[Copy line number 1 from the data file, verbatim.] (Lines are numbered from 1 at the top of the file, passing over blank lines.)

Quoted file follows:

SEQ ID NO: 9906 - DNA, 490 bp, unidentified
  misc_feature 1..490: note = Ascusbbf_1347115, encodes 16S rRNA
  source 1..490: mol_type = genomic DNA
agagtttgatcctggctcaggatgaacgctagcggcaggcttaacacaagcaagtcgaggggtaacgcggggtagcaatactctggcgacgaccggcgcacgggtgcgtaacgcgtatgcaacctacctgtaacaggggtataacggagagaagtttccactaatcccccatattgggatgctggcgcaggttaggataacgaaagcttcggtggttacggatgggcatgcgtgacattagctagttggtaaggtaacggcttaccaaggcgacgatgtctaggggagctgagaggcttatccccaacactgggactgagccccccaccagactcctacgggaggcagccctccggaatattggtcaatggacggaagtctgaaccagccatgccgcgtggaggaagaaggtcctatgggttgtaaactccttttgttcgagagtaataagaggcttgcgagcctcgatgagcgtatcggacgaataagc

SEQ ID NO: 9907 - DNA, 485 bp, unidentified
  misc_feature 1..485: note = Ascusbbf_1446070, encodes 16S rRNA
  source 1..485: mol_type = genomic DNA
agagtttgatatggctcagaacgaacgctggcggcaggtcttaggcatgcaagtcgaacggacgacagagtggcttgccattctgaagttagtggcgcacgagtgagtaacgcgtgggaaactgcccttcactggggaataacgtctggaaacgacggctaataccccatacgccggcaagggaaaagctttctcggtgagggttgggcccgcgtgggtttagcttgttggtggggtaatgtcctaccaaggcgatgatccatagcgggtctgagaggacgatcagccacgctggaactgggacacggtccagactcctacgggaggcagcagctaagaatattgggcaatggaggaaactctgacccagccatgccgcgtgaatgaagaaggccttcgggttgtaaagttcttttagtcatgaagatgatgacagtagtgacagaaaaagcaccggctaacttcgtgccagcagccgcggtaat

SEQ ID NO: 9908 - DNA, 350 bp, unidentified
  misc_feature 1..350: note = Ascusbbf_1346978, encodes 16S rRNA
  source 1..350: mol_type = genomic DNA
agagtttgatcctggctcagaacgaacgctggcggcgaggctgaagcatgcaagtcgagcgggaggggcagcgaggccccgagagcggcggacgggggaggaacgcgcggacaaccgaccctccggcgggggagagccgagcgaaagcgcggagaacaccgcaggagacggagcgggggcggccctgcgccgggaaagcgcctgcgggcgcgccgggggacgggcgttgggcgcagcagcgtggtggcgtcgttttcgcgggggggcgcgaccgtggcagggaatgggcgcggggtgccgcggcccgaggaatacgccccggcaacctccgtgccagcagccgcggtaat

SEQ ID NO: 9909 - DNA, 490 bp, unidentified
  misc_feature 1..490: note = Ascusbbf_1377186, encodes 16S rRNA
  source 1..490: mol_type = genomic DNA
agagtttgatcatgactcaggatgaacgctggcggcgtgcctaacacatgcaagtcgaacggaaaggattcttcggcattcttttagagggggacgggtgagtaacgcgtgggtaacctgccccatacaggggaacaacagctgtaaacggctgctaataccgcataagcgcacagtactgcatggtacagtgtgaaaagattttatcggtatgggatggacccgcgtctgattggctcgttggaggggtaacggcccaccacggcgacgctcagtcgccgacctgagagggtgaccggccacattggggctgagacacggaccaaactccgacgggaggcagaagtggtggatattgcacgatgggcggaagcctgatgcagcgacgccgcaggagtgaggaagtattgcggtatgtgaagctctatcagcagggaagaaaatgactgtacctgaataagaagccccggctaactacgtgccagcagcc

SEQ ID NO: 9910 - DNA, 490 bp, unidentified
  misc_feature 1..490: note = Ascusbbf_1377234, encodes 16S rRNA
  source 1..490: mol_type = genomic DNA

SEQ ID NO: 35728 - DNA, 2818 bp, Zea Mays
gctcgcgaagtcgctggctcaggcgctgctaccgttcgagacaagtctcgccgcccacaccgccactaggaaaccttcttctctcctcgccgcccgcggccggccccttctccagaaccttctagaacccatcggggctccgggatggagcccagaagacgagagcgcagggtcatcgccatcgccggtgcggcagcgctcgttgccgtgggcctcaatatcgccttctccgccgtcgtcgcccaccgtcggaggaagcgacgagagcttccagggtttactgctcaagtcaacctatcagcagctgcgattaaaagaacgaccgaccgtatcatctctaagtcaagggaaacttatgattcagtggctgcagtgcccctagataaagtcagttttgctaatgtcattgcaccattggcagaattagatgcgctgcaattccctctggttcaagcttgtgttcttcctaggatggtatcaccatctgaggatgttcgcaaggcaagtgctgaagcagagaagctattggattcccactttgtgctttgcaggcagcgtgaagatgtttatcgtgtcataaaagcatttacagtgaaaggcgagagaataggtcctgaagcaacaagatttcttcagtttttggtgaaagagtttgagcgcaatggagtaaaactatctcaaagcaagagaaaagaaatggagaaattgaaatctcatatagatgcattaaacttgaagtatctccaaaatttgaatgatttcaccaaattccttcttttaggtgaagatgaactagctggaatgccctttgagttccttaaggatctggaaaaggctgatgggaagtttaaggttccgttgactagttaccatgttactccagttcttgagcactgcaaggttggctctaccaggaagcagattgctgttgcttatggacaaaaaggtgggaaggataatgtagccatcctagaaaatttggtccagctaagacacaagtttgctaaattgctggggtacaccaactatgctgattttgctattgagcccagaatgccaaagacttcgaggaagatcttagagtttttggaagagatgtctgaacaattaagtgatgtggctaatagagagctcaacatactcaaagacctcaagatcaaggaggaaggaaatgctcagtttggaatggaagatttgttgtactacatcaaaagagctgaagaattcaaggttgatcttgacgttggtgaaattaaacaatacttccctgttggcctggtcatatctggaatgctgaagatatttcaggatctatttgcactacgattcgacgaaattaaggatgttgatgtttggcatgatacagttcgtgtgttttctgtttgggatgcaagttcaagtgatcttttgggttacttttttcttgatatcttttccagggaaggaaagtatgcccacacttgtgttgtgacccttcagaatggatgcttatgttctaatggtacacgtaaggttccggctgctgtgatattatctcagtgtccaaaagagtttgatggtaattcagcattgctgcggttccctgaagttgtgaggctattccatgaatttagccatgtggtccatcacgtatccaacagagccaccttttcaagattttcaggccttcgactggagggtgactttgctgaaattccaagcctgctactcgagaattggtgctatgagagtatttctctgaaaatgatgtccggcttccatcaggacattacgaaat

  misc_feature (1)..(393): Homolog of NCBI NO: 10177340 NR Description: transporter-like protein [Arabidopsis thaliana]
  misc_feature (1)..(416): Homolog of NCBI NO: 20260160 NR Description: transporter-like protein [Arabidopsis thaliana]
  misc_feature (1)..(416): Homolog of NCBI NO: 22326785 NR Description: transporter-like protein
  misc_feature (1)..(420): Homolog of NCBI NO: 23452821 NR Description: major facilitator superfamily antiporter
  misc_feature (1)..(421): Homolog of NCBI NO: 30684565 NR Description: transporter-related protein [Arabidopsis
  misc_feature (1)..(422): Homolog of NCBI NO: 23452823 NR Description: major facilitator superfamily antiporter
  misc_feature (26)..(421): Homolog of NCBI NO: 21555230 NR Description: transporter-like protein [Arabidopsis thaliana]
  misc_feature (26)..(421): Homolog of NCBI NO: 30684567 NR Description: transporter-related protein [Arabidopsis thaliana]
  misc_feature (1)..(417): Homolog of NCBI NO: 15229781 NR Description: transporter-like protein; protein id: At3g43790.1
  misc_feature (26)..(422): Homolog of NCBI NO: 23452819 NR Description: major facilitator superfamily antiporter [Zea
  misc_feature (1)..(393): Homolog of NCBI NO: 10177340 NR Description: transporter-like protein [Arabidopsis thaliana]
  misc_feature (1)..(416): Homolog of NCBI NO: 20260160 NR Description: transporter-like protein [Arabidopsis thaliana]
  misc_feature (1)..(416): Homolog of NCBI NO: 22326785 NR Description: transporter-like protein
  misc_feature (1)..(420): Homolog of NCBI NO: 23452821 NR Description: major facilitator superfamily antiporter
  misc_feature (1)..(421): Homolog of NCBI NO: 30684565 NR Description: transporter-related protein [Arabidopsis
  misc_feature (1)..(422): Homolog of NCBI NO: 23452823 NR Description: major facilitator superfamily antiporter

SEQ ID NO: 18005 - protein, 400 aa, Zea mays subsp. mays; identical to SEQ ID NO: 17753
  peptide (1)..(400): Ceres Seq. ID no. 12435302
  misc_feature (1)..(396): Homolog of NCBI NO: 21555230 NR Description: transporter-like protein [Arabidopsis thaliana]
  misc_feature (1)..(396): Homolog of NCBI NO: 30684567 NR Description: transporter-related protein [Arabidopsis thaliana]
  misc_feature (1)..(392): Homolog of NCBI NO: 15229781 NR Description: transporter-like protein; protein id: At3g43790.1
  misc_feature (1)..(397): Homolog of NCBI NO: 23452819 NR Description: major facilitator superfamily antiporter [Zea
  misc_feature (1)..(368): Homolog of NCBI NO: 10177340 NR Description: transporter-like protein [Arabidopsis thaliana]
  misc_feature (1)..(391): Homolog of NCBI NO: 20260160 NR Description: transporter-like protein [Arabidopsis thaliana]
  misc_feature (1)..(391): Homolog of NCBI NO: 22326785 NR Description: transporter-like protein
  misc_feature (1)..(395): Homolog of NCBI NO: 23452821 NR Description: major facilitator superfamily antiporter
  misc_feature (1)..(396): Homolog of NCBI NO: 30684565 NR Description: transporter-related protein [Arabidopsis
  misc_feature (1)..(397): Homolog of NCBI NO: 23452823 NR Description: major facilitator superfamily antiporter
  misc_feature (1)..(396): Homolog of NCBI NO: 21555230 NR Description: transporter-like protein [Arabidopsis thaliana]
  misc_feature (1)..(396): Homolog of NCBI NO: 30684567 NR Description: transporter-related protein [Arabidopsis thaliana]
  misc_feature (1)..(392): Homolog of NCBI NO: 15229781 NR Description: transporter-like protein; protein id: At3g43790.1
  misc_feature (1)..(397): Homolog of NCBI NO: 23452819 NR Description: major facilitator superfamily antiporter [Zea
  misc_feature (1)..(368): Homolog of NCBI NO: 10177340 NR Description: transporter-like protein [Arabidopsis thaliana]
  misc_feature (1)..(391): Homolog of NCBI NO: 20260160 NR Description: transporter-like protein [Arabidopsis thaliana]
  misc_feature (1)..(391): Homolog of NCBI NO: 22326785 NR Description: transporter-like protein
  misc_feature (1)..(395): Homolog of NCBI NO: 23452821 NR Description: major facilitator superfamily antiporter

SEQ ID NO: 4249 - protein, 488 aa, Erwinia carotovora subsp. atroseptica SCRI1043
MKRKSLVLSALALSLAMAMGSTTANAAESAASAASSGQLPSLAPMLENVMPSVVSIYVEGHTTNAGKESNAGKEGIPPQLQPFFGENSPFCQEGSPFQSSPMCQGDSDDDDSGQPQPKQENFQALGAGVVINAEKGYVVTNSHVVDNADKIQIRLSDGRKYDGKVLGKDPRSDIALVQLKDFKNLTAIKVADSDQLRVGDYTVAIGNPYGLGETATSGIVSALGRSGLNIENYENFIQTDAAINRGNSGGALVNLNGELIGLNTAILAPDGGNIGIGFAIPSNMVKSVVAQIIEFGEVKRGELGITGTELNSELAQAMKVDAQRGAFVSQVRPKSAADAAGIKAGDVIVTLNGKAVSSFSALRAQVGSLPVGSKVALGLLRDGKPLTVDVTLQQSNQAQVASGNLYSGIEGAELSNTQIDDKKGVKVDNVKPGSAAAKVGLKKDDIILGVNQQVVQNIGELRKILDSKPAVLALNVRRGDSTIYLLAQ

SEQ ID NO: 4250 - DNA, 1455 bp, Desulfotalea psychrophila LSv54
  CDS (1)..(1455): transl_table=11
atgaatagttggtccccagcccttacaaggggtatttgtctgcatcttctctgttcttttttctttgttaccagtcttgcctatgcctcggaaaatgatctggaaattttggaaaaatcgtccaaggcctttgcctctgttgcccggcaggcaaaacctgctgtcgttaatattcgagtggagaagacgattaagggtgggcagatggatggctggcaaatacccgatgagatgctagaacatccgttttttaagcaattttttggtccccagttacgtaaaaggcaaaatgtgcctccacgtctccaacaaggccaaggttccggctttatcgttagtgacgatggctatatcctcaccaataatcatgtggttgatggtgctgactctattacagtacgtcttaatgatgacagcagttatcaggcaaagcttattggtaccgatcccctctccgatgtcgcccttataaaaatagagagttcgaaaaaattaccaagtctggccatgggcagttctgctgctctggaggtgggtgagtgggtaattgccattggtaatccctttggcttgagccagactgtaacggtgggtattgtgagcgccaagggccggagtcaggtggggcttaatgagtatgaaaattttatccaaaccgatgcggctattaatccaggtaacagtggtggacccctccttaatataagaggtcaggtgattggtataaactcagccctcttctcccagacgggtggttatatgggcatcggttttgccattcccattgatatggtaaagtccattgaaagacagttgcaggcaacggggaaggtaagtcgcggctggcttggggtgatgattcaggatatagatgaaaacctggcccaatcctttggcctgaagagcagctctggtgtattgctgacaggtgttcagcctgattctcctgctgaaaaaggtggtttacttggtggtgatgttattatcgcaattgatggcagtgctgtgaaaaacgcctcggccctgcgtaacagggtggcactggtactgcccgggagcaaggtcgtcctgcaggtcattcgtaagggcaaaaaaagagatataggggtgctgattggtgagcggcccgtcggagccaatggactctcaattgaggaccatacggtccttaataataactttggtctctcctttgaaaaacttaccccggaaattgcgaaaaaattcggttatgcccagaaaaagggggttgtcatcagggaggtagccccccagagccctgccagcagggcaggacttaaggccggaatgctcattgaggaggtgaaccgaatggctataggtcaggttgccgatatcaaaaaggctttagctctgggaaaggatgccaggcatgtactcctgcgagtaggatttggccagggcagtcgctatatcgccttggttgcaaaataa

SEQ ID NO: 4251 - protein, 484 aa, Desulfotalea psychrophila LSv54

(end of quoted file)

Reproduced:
SEQ ID NO: 9906 - DNA, 490 bp, unidentified